Practice Notes

Capturing potential with the next generation of physician leaders


Adam Paul

As baby boomer physicians begin to scale down their responsibilities, what can you do to fill the gaps at your organization? Two institutions have implemented strategies to identify potential replacements and train them for future leadership roles.

This is the first in a two-part series on physician leadership succession planning. Look out for our upcoming post on transitioning physician leadership responsibilities as current leaders approach retirement.



Engage CEOs in identifying physician leaders

Most organizations ask individual departments to identify leaders from among their ranks. By contrast, at NorthShore Medical Group, the CEO plays an active role in helping departments identify potential.

The CEO hosts a regular physician discussion forum to which all physician leaders, even those with informal titles, receive an open invitation. These forums provide the CEO an opportunity both to gather feedback from physicians and to identify and elevate new leaders. This tactic has proven effective in helping NorthShore fill leadership vacancies and replace low-performing physician leaders with fresh talent.


NorthShore's CEO forum sources high-potential leaders



Demonstrate support for leaders with dedicated training

Even physicians with the highest potential need support to assume leadership positions effectively.

HealthTexas Physician Network (HTPN) has built one of the best leadership training programs we’ve seen. All rising physician leaders complete a five-month course on quality-improvement and then lead a quality improvement project of their own. When the committee members or practice administrators are ready to join senior leadership, the group invites them to a year-long course focused on management skills.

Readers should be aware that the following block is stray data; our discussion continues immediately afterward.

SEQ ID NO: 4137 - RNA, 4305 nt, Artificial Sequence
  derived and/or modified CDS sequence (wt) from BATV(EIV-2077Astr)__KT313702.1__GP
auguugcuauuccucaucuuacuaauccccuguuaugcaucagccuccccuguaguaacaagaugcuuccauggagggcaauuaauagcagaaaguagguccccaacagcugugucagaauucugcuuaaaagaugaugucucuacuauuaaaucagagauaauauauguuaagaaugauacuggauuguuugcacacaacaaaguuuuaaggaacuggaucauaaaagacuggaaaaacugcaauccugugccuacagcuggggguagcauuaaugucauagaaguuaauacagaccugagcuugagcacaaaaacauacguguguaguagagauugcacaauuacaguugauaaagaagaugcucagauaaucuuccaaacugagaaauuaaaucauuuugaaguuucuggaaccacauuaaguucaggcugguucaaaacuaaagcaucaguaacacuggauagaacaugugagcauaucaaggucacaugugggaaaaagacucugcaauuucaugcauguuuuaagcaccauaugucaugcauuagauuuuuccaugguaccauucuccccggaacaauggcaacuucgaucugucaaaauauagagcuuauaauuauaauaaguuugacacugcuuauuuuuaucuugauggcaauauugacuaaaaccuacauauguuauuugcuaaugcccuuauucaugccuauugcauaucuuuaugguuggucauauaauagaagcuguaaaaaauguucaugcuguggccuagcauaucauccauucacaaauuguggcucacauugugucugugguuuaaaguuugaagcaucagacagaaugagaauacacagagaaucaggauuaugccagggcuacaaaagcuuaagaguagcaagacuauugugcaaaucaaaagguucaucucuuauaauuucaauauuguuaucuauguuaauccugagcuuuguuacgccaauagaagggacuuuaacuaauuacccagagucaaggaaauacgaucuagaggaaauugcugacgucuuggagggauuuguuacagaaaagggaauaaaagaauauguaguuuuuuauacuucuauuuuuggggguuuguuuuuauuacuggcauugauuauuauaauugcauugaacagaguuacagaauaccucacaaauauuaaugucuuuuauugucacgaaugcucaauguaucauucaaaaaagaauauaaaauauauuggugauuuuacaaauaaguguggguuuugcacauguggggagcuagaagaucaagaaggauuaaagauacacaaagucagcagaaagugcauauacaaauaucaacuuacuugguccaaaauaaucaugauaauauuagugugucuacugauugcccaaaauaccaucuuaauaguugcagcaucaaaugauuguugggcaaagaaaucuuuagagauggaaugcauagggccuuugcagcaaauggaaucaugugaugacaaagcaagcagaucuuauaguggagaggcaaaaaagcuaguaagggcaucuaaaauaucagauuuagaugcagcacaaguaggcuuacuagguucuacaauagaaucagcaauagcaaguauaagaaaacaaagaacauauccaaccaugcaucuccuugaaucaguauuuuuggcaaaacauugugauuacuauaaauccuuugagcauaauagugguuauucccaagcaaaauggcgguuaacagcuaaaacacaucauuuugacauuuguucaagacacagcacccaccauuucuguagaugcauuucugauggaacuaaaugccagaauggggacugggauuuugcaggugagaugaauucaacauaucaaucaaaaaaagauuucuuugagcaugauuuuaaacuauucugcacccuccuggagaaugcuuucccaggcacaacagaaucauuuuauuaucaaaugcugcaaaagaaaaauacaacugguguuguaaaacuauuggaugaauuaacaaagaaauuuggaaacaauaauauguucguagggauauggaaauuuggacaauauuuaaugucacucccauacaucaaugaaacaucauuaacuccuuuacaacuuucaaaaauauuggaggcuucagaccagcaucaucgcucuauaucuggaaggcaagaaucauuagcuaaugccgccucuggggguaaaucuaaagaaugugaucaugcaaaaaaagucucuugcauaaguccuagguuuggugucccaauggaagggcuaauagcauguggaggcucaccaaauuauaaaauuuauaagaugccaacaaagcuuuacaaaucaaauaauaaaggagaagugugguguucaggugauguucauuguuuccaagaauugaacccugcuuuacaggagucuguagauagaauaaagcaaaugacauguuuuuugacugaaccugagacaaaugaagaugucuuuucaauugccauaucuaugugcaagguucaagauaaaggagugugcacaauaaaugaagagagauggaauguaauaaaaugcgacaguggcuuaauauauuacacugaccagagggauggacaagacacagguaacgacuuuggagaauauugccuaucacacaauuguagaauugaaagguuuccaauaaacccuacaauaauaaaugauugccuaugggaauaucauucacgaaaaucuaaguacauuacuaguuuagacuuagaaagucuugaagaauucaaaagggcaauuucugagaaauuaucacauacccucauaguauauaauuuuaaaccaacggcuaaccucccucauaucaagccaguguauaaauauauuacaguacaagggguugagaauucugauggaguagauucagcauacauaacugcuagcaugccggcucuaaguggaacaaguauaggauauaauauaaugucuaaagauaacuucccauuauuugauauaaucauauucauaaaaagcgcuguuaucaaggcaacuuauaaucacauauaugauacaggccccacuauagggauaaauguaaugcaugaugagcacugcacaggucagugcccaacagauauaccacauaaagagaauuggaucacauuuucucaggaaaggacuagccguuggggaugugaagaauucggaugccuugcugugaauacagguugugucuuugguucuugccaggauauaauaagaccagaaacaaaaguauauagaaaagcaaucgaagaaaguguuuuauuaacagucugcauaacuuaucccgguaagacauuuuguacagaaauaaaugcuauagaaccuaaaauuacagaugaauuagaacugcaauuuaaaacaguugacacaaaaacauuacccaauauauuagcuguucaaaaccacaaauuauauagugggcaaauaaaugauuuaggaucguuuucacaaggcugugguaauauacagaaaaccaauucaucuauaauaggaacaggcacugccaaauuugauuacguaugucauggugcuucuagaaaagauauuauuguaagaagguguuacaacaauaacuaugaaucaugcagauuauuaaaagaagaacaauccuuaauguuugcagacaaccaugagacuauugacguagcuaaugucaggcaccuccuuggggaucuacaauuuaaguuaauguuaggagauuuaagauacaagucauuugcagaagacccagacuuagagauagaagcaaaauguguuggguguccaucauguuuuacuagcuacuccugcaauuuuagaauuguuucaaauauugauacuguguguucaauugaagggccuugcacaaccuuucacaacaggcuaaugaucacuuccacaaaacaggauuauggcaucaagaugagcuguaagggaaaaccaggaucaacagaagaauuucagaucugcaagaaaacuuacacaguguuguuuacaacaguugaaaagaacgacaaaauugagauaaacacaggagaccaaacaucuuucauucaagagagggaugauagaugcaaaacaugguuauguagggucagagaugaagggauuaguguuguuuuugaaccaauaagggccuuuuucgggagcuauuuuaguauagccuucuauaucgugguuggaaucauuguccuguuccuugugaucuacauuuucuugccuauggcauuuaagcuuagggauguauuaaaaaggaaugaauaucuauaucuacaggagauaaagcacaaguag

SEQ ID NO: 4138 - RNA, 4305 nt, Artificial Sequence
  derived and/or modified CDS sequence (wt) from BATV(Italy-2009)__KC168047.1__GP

To encourage widespread participation, HTPN funds a stipend for committee members by imposing a $65 monthly "tax" on all physicians. The stipend allows HTPN to set high standards for participating leaders, and it makes participation more attractive by replacing lost productivity-based pay. As a result, 30% of the group’s physicians now participate in leadership.


HTPN's leadership incentive model fosters participation

  • How does your group identify and support leaders?

    We'd love to hear from you. Share your methods with us by emailing Adam Paul at paula@advisory.com.

Suggested Reading

  • The High Performance Medical Group

    Study | Health Care Advisory Board

    Explore 15 key attributes of organizations that generate strong operational and clinical results by fostering integration among employed physicians and successfully managing physician practices at scale.
  • The Physician Leadership Effectiveness Compendium

    Resource | Physician Executive Council

    Access 16 best practices for promoting physician leadership success in five key areas.



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